Police have listed areas in Baringo County affected by banditry as operations to flush out the criminals began yesterday.
Interior Cabinet Secretary Fred Matiang’i on Friday ordered an immediate operation to flush out armed herders in Baringo.
Dr Matiang’i issued the orders in a meeting attended by Inspector General of Police Hillary Mutyambai and the Principal Secretary Ministry of Interior Karanja Kibicho.
The top security team from the region led by Regional Commissioner Maalim Mohamed also attended the meeting. Governors Stanley Kiptis (Baringo), Alex Tolgos (Elgeyo Marakwet) and John Lonyangapuo (West Pokot) attended the meeting in Nakuru Sarova Woodland Hotel. MPs and Members of County Assemblies from the three counties were also present.
Following the directive, Baringo County Police Commander Robinson Ndiwa yesterday the operation will be conducted mainly in areas bordering Tiaty sub-county.
“They are Yatya, Kesumet, Ngaratuko, Kagir, Arabal, Ngalecha, Kasiela, Ramacha, Mukutani, Nasukuro and Lamaiwe,” Ndiwa said.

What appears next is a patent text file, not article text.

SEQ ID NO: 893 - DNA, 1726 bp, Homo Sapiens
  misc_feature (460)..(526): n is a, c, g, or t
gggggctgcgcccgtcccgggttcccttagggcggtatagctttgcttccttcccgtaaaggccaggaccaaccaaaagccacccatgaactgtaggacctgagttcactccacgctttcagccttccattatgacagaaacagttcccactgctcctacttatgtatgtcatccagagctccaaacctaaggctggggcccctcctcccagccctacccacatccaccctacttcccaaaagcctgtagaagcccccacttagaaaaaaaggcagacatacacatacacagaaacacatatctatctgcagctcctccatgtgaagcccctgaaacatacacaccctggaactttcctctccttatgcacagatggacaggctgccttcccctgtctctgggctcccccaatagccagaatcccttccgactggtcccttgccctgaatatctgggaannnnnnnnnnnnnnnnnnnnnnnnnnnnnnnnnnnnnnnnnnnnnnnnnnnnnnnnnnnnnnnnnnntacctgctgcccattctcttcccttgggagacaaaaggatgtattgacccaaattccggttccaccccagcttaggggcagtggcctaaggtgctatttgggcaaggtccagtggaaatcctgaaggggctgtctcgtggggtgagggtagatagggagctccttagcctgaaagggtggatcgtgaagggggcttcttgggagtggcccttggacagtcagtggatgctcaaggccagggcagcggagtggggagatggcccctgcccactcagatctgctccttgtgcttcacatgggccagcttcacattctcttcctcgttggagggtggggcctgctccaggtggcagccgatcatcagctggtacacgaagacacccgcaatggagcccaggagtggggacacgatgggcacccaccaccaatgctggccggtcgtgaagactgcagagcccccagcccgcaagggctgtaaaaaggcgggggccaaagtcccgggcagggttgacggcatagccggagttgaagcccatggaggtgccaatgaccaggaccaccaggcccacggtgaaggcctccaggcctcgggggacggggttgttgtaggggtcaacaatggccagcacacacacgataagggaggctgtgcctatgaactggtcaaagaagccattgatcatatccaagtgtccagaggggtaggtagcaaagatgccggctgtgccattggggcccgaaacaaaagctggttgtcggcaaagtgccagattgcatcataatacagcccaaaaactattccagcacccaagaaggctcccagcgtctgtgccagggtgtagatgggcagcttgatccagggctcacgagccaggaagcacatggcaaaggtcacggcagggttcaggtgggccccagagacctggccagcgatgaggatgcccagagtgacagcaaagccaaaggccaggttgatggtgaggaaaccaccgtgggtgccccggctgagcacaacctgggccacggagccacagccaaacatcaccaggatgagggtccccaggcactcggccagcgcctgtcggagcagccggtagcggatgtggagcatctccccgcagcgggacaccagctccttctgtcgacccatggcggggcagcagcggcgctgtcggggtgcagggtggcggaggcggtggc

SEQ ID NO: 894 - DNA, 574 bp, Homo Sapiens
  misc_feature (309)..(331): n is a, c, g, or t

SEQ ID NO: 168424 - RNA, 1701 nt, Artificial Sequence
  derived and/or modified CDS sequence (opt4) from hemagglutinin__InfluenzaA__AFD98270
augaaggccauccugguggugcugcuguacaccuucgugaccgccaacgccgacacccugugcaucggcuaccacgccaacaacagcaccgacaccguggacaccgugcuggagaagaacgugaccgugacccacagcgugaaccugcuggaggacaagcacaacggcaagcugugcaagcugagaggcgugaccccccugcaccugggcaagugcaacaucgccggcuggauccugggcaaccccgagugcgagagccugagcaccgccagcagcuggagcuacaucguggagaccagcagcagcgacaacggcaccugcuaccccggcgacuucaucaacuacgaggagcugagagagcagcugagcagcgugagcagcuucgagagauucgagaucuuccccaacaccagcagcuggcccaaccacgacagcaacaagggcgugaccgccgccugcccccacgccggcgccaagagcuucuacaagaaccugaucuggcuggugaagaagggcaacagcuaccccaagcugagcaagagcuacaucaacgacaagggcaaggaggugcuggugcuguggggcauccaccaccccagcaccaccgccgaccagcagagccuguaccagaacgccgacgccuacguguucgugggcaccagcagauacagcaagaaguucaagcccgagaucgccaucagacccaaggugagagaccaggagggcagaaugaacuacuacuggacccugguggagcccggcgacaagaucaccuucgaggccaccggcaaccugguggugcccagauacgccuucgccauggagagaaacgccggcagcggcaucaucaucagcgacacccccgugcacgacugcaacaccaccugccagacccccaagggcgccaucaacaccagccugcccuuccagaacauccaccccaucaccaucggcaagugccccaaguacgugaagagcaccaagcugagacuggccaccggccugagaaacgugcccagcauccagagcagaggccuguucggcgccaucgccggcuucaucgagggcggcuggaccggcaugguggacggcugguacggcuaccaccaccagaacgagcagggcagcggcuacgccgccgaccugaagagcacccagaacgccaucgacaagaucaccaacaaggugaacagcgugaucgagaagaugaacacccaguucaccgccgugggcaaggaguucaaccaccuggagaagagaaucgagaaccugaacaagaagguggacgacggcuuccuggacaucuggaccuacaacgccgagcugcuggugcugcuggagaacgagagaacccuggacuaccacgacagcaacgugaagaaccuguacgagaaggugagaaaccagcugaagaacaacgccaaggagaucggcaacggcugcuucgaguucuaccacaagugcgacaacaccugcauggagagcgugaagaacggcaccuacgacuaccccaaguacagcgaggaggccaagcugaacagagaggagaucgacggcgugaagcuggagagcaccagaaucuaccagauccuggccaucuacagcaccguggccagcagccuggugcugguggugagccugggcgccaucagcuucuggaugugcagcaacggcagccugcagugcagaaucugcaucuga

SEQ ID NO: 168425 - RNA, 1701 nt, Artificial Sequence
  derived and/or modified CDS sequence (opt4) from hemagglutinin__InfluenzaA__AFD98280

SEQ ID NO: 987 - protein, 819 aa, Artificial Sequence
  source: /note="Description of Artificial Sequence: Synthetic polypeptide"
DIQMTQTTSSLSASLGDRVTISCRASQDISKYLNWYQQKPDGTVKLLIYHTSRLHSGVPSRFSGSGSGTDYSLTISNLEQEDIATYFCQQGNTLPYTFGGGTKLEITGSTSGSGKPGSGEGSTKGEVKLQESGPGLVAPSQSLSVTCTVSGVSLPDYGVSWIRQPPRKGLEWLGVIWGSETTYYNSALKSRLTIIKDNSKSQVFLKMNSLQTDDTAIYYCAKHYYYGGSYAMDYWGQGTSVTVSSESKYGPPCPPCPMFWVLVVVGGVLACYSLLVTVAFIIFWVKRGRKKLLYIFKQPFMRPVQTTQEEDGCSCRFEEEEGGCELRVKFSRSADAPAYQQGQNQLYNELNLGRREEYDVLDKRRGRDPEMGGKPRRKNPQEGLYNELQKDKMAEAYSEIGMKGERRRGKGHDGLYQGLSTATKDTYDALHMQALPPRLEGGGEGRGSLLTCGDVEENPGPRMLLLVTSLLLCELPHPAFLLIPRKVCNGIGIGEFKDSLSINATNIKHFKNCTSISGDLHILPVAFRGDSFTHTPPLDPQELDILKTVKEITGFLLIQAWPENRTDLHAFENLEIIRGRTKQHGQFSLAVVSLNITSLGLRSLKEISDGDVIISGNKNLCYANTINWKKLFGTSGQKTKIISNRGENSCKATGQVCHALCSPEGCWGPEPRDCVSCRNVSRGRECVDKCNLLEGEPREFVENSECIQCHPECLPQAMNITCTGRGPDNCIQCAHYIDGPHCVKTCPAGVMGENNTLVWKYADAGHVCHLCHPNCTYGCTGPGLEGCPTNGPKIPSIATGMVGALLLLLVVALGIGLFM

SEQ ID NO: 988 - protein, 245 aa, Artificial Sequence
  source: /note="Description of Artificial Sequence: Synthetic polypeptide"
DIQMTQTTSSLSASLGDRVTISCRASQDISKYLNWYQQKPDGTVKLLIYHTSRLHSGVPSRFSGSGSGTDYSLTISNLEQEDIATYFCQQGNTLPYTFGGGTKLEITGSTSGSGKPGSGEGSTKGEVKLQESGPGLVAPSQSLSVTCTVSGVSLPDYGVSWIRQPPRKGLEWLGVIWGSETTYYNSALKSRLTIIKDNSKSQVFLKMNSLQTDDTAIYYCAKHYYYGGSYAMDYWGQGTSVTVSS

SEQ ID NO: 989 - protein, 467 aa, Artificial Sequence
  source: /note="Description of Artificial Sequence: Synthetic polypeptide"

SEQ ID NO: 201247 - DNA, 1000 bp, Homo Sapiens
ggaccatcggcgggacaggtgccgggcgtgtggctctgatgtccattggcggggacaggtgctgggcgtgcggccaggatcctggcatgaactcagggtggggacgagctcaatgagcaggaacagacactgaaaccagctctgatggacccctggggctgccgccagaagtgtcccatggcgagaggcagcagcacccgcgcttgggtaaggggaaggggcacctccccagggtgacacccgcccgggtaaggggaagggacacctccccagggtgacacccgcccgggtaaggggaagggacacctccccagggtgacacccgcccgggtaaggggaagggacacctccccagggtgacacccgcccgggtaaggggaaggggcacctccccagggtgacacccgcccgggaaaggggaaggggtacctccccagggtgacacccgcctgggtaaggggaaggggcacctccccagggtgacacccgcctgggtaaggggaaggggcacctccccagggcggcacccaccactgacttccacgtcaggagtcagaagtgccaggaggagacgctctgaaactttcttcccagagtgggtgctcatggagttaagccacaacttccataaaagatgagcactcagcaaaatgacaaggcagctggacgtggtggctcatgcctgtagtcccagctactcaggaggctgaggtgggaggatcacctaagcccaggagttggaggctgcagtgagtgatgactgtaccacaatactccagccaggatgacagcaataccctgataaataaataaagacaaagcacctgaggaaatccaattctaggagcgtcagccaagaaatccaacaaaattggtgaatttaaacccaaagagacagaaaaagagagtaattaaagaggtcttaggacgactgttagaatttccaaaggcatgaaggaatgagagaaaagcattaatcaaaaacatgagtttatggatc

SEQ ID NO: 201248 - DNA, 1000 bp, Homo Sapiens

Speaking to his office in Kabarnet, Ndiwa added that the operation will be severe and meant to restore sanity in Baringo North and South.
Ndiwa regretted that the bandits had displaced the locals and learning in 15 schools has been affected.
“We are going to deter movement of the bandits by erecting mobile roadblocks to stop them from fleeing,” Ndiwa said.
Ndiwa revealed that the national government is in the process of recruiting 80 National Police Reservists.
He stated that the NPR who are familiar with the terrain will be able to help in complementing police as they work on restoring the peace.
Meanwhile, leaders from Tiaty have called on herders to co-exist peacefully with their neighbors.
Led by Tiaty MP William Kamket, the leaders called on the herders to stop vandalizing property and engage in talks over grazing land.
“To the boys who have moved with livestock to Mochongoi and Arabal should stop vandalizing other people’s property. We need to live with others in peace,” he said.
He warned the herders that they are on their own if they continue disturbing their neighbors.